Pakistan’s Geo-Economic Vision

The global economic landscape has undergone profound changes since the end of the Cold War. This successive transition posed heinous challenges; simultaneously it offered opportunities to the states around the world to refurbish policies aligned with their interests. Notwithstanding the concurrence of the US-led global order, the rise of China has revamped the dynamics in favor of states that are eager to abandon the conformist security paradigm and want to restructure imperatives of security, progress, and development.

In Pakistan’s context, the fallouts of unipolar world order coupled with domestic political and economic constraints beleaguered Pakistan. In the first decade of the 21st century, Pakistan’s foreign policy apparatus driven through the security-oriented calculus as Pakistan remain the coalition partner and front line state in the global ‘War on Terror’ thus continue applying the same security parameters to design its foreign policy vis-a-vis immediate neighbors and other regional states.

Nevertheless, China’s BRI initiative of revitalizing the ancient Silk Road route put the economy at center stage and the helm of regional geopolitics start revolving around this mega Beijing-led initiative. China-Pakistan Economic Corridor (CPEC) – a pilot project set the platform for Pakistan to redefine its preferences from security-driven ambitions to economic-led policies.

The rhetoric of shift in the foreign policy became eminently visible during the government of PTI that decisively opted economy as vertex point of Pakistan’s envisioned path of progress and prosperity for the foreseeable future. In an account of this, the idea of human security echoes a shift from a state-centric security paradigm to social welfare. Human security has several dimensions, including water security, food security, community security, health security, environmental security respectively. Pakistan’s shift has pivoted around the country becoming a regional hub of economic connectivity in South Asia and is driven by the “sincere desire to re-cast Pakistan’s image as a peace-loving and useful member of the international community.”

Henceforth, the stakeholders, policymakers are determined to ensure national economic security that remains imperative for Pakistan’s capacity to maximize its defense and deterrence and to spend greater resources on human welfare.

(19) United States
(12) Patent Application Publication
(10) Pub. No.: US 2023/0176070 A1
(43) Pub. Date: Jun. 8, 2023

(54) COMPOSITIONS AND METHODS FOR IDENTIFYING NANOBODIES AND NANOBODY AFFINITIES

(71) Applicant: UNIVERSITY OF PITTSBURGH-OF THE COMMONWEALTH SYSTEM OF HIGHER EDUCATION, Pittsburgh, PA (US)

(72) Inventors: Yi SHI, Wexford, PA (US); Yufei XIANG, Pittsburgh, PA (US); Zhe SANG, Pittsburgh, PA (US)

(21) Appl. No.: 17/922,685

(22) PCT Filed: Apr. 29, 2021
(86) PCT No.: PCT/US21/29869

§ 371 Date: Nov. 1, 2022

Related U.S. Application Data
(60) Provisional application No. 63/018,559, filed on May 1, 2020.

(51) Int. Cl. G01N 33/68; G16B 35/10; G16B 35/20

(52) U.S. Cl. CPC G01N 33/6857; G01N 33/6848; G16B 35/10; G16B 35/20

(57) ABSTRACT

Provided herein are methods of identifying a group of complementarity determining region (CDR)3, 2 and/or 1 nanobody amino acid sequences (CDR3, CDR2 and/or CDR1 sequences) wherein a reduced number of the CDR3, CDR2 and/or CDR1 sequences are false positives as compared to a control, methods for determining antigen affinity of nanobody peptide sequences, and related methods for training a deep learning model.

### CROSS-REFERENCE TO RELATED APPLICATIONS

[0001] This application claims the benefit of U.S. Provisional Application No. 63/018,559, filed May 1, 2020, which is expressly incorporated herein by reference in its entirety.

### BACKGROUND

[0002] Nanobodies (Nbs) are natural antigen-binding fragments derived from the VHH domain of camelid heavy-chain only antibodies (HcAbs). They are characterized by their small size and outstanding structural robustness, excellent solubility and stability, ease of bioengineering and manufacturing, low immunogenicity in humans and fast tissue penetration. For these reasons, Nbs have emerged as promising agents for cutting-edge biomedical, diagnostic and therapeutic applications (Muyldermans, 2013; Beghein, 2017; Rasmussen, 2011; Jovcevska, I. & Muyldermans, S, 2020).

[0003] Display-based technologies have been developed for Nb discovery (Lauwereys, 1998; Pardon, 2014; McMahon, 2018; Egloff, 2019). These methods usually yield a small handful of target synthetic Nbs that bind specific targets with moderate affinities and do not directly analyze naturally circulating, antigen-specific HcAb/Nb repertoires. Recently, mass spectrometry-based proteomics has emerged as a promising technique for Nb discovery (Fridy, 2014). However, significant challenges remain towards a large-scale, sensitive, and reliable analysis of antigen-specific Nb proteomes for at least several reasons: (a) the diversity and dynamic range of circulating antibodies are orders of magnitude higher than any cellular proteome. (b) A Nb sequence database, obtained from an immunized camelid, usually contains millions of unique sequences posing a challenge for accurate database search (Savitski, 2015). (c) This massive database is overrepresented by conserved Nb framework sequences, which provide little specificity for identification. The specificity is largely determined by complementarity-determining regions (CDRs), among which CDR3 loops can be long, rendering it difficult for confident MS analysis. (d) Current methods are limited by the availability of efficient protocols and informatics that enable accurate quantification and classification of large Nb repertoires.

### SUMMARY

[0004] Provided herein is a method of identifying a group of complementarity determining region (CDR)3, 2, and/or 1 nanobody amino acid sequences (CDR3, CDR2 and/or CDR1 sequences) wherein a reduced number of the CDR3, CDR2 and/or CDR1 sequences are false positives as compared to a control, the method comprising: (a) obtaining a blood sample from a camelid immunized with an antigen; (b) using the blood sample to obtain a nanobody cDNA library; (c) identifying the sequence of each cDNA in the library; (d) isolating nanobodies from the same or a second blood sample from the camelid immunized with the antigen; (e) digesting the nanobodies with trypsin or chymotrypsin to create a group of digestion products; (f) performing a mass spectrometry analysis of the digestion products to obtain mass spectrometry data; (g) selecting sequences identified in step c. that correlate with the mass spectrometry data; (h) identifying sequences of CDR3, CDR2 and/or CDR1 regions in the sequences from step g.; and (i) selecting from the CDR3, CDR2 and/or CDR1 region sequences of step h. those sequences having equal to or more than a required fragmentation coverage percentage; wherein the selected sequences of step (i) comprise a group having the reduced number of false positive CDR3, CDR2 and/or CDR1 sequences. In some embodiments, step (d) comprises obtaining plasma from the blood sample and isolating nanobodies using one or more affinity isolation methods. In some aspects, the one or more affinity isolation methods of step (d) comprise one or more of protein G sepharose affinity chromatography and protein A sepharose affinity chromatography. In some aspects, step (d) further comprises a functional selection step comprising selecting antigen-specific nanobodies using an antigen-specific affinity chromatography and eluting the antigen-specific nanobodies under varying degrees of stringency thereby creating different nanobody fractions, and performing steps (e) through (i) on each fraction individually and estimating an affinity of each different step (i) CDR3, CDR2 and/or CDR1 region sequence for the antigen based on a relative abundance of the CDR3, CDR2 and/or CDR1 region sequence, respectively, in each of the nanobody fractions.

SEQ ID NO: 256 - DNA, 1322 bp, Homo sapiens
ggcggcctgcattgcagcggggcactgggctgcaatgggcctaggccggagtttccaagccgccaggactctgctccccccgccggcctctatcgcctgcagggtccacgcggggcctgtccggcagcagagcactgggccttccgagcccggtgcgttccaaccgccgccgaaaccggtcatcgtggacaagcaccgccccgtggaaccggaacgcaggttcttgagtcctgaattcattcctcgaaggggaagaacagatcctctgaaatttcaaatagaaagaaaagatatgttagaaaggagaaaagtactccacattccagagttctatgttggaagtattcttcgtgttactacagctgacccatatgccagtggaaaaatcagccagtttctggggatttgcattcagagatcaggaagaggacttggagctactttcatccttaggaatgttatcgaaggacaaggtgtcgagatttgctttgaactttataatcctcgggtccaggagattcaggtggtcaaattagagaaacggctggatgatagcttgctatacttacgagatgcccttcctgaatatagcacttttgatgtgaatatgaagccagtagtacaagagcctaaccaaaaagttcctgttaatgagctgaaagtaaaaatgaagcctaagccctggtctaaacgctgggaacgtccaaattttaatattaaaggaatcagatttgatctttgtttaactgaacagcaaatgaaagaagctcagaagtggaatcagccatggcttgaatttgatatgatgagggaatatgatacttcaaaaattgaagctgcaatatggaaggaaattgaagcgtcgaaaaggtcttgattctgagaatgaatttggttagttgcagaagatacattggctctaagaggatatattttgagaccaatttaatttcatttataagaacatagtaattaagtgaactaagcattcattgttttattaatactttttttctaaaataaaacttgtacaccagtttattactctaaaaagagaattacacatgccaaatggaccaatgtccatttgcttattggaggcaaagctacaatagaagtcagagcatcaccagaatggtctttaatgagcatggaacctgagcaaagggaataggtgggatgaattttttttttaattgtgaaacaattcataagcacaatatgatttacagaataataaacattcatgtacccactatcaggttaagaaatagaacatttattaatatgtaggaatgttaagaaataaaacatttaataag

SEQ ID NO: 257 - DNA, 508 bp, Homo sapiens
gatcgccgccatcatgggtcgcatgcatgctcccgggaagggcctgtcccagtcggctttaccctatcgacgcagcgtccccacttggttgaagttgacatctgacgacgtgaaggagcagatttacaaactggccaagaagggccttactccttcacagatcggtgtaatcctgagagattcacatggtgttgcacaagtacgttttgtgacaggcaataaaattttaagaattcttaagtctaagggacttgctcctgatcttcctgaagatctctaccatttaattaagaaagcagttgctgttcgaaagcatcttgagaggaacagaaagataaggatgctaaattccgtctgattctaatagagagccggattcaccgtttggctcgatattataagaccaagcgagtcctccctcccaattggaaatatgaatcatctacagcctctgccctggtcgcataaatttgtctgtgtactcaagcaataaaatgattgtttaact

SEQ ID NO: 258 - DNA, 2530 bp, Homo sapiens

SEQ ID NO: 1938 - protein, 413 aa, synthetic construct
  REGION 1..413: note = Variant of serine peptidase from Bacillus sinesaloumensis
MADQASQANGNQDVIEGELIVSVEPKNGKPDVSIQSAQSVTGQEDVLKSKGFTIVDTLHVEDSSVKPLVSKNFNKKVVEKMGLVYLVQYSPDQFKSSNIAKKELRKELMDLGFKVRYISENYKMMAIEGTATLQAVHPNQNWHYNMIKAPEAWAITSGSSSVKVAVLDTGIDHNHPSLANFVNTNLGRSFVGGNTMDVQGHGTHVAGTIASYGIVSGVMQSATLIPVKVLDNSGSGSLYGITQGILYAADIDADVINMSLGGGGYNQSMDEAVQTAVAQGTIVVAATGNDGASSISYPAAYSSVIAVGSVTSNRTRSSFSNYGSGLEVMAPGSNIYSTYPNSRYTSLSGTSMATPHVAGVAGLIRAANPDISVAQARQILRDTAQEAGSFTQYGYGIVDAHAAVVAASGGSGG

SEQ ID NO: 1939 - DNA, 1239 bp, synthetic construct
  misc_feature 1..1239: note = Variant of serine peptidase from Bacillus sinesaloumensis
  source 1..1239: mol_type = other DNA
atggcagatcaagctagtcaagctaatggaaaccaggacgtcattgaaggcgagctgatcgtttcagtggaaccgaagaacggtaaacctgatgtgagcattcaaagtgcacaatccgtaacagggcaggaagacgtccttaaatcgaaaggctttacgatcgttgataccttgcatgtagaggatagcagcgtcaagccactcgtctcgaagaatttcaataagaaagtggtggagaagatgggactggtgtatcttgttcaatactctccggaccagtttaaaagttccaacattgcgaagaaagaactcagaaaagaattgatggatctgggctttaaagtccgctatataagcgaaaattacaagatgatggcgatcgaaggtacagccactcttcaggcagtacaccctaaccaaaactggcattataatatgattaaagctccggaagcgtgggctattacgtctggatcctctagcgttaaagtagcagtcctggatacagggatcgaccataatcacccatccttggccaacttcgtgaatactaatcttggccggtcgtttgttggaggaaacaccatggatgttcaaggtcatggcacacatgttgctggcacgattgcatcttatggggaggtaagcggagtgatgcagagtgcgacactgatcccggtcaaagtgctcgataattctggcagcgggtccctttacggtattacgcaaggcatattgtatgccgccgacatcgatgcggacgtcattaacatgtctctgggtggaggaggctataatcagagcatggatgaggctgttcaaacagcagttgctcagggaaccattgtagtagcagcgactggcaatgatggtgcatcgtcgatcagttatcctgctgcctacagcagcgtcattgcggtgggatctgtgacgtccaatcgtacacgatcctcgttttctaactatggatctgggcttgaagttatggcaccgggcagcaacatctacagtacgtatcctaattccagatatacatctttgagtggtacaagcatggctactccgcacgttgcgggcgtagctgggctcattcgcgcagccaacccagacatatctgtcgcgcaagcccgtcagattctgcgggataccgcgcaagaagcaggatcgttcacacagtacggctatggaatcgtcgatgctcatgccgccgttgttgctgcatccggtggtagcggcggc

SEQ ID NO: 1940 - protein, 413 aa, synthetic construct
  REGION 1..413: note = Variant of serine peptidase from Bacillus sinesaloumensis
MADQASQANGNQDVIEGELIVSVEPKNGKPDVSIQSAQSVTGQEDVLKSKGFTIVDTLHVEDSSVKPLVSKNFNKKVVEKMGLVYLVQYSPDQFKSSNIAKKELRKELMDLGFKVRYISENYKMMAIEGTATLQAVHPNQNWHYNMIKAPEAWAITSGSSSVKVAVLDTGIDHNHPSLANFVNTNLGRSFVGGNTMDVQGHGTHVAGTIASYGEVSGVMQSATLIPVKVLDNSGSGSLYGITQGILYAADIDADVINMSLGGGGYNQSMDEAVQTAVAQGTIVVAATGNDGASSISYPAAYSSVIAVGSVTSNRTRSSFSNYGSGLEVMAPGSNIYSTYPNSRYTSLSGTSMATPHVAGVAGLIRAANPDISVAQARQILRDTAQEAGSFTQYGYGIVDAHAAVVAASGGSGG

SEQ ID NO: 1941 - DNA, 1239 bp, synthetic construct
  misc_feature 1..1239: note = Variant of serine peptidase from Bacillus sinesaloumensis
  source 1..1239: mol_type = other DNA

Pakistan’s Geo Economic Vision:

Pakistan’s geo-economic vision is predominantly based on the following basic principles that aim to change the narrative of geo-political contestation to geo-economic:

  • Durable peace at the domestic and regional level is the prerequisite for the promotion of the economic vision of Pakistan.
  • Pursuing non-interventionist policy in the domestic affairs of neighboring states and also playing a constructive role in crisis mitigation.
  • Geographical diversification by boosting intra-regional trade and connectivity and ensure positive-sum gains for all the engaging actors.
  • Provision of viable environment for the Foreign Direct Investment (FDI), multilateral trading activities.
  • Promote the indigenous “Made in policy” by shifting from the traders-based to the industrial-led economy.
  • Products diversification- making a shift from lower value-added products to higher value-added products aligned with emerging market trends of the development.
  • To pursue an economic diplomacy strategy under the inclusive security framework to increase Pakistan’s economic footprint globally.

“Emboldened by the national progress, prosperity, and sovereignty, the Prime Minister of Pakistan recently unveiled a comprehensive National Security Framework incorporating both the traditional and non-traditional facets of national security with economic security. This envisioned plan aims at the acting as a pivot in the region with a focus on shifting Pakistan’s synergies from hard power to geo-economics”

Effectiveness of Geo-Economic Vision: